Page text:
WGA Rescources

Abstract #107576 Published in IGR 23-4

Fast Progressors in Glaucoma: Prevalence Based on Global and Central Visual Field Loss

Jackson AB; Martin KR; Coote MA; Medeiros FA; Girkin CA; Fazio MA; Liebmann JM; De Moraes CG; Weinreb RN; Zangwill LM; Wu Z
Ophthalmology 2023; 130: 462-468

See also comment(s) by Pradeep Ramulu & Jithin Yohannan

PURPOSE: To determine the prevalence of fast global and central visual field (VF) progression in individuals with glaucoma under routine care. DESIGN: Observational study. PARTICIPANTS: Six hundred ninety-three eyes of 461 individuals with glaucoma followed up over a median of 4.5 years. METHODS: This study included (1) patients at a private ophthalmology clinic in Melbourne, Australia, and (2) individuals in 2 prospective longitudinal observational studies across 3 sites in the United States. All individuals had a diagnosis of glaucoma and were under routine care, and had performed 5 or more reliable 24-2 VF tests over a 1- to 5-year period. Ordinary least squares regression analyses were used to calculate the rate of global mean deviation (MD) change over time and the rate of the mean total deviation values of the 12 test locations within the central 10° region (MTD) for each eye. MAIN OUTCOME MEASURES: Prevalence of progression based on the rate of MD and the MTD change across various fixed cutoffs and cutoffs based on the estimated normal distribution (from the positive slopes). RESULTS: Based on the MD and the MTD, 12.5% and 11.7% of the eyes, respectively, exhibited a rate of change that was less than -1.0 dB/year (being a rate that typically is defined as "fast progression" for MD values), and 29.0% of the eyes showed a change of less than -0.5 dB/year on MTD. Furthermore, 12.7% and 9.1% of the eyes exhibited a rate of change that exceeded the 1% cutoff of the estimated normal distribution MD and the MTD values, respectively. CONCLUSIONS: This study found that approximately 1 in 8 eyes with glaucoma receiving routine care showed fast progression based on global MD values (< -1.0 dB/year) and that nearly 1 in 3 eyes showed a < -0.5 dB/year decline centrally. These findings highlight the clinical importance of assessing progressive central VF loss and reinforce the need for new therapies to prevent functional disability in a notable proportion of individuals who continue to exhibit fast progression. FINANCIAL DISCLOSURE(S): Proprietary or commercial disclosure may be found after the references.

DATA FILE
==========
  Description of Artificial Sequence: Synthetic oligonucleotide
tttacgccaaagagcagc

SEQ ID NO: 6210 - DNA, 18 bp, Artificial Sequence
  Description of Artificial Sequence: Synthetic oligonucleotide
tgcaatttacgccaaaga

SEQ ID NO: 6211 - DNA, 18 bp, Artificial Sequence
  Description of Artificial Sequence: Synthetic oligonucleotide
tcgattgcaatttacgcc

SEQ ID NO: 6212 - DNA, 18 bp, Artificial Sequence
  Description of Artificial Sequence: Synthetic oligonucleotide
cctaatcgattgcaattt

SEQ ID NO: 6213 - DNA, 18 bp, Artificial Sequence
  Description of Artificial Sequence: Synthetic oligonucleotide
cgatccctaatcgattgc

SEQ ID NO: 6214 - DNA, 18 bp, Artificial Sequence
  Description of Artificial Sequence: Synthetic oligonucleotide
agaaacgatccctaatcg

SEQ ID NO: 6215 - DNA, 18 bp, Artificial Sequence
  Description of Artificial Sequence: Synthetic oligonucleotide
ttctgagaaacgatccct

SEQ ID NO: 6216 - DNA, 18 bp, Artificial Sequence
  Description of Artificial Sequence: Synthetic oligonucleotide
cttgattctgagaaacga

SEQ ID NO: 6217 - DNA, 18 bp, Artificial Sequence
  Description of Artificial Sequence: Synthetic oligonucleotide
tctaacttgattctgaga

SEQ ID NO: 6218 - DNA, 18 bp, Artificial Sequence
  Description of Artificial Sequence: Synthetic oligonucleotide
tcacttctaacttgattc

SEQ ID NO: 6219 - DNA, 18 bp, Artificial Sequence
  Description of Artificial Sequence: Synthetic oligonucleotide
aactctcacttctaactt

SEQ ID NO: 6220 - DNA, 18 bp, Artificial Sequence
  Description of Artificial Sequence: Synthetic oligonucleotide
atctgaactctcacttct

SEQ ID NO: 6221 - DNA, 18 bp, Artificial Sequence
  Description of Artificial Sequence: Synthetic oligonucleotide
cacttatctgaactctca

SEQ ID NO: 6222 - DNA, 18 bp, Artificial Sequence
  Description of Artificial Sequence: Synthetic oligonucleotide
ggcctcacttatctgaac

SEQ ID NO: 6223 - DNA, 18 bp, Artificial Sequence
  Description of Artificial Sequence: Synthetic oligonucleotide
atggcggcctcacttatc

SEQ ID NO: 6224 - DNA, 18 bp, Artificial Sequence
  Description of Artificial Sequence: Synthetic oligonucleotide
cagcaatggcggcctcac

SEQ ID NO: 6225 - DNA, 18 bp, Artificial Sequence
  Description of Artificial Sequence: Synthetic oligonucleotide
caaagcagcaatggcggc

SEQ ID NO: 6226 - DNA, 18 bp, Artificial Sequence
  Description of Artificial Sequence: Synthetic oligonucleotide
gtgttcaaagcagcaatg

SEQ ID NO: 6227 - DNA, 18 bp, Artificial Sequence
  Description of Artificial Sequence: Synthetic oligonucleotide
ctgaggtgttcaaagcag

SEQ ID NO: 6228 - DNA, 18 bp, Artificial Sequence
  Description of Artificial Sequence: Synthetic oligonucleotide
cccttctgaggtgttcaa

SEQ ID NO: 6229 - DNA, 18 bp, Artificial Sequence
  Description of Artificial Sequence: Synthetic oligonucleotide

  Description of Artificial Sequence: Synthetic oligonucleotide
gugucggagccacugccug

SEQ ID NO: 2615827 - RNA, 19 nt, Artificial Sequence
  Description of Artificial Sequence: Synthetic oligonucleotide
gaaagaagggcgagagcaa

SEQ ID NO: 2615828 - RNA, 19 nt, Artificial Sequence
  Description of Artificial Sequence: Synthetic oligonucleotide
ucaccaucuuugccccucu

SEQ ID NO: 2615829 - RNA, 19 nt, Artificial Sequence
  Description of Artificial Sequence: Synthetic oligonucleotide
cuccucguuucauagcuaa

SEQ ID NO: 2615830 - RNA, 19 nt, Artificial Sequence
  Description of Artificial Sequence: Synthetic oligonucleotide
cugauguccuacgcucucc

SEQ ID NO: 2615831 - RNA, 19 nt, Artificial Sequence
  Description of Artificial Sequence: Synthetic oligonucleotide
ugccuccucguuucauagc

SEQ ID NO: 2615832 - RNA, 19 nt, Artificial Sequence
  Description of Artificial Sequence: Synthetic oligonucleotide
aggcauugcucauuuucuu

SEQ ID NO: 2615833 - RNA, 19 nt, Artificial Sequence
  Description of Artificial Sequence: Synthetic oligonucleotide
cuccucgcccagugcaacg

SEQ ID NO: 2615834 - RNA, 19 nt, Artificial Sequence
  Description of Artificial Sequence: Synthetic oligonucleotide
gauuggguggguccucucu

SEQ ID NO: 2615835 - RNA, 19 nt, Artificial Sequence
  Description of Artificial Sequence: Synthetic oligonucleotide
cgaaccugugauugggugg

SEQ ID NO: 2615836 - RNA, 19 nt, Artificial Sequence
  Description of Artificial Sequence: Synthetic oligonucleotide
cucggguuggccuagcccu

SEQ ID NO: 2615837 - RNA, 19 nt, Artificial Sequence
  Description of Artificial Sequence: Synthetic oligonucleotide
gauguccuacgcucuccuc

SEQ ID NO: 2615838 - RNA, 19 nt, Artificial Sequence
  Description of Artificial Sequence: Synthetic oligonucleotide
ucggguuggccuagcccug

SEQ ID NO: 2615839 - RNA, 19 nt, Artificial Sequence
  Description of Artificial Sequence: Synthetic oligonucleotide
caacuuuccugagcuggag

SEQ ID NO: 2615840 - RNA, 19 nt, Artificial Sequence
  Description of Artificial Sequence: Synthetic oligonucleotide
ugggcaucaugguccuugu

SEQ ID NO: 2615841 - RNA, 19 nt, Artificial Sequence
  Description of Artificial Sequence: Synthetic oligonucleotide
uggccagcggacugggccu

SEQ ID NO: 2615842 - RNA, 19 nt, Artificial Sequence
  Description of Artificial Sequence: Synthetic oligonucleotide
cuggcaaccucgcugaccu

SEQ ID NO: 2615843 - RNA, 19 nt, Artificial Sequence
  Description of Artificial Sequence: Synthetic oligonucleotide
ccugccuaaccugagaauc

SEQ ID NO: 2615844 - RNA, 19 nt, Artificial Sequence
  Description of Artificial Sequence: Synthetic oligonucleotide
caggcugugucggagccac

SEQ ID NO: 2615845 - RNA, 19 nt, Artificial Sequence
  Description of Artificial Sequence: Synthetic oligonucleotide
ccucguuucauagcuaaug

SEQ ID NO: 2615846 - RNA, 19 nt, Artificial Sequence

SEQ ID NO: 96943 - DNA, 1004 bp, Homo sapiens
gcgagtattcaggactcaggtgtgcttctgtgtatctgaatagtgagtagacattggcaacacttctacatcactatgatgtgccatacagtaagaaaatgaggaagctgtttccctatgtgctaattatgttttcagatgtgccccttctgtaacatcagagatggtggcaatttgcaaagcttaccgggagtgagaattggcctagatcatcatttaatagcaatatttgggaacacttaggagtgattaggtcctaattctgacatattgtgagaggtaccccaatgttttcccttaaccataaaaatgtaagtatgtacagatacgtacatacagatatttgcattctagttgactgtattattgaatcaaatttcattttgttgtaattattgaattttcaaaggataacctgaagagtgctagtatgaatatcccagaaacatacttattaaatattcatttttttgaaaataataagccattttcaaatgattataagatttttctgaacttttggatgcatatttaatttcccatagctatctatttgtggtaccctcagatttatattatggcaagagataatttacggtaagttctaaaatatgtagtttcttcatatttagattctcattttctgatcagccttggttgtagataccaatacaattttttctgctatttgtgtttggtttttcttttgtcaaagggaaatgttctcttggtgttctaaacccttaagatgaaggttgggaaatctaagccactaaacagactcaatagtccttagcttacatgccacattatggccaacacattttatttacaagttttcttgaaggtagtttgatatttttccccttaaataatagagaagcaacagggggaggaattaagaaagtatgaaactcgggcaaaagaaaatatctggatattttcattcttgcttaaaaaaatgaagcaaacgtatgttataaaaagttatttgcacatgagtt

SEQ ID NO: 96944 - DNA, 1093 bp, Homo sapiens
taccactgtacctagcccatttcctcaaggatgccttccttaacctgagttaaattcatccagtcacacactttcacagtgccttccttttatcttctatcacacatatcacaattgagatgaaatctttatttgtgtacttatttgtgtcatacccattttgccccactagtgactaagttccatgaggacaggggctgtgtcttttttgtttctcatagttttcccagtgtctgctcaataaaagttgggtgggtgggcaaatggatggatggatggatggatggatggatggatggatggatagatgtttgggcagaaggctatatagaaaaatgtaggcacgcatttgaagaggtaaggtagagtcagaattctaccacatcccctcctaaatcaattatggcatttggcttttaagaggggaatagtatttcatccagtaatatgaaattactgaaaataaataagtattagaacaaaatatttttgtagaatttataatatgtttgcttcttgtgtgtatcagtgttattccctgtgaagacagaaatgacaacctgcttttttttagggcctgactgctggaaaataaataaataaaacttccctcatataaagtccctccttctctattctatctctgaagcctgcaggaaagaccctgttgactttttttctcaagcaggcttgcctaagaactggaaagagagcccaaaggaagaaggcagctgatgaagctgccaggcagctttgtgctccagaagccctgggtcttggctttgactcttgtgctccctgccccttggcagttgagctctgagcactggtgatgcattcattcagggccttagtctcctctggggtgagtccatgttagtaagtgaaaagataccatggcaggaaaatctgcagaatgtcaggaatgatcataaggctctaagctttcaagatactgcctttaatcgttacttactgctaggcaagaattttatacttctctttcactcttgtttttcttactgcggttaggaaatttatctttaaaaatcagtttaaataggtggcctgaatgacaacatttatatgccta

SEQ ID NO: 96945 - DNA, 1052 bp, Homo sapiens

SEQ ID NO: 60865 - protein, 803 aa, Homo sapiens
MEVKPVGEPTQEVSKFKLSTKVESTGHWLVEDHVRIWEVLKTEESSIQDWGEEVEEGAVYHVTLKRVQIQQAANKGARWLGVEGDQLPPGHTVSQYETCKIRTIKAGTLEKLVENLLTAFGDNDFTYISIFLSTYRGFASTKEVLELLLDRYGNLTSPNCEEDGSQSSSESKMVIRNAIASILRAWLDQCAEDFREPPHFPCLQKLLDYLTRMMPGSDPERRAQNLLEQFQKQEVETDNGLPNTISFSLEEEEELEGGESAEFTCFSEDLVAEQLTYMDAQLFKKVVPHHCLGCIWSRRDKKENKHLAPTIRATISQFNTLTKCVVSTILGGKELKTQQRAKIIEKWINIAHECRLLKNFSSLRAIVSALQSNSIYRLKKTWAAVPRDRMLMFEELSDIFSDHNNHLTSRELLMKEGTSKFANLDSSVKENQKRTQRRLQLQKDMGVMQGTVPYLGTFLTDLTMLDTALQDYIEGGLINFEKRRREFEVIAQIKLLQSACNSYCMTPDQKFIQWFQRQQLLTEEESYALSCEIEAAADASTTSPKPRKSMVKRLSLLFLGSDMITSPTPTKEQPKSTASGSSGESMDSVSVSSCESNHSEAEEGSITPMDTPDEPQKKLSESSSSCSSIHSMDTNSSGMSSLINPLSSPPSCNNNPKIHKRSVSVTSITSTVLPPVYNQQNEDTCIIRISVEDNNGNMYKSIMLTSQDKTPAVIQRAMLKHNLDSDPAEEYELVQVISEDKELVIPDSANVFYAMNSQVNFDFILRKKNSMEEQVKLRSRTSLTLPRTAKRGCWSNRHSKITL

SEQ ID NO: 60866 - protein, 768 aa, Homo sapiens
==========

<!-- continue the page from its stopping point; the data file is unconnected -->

Centre for Eye Research Australia, Royal Victorian Eye and Ear Hospital, East Melbourne, Australia; Ophthalmology, Department of Surgery, The University of Melbourne, Melbourne, Australia.

Full article


15 Miscellaneous

Issue 23-4

Change Issue


WGA Rescources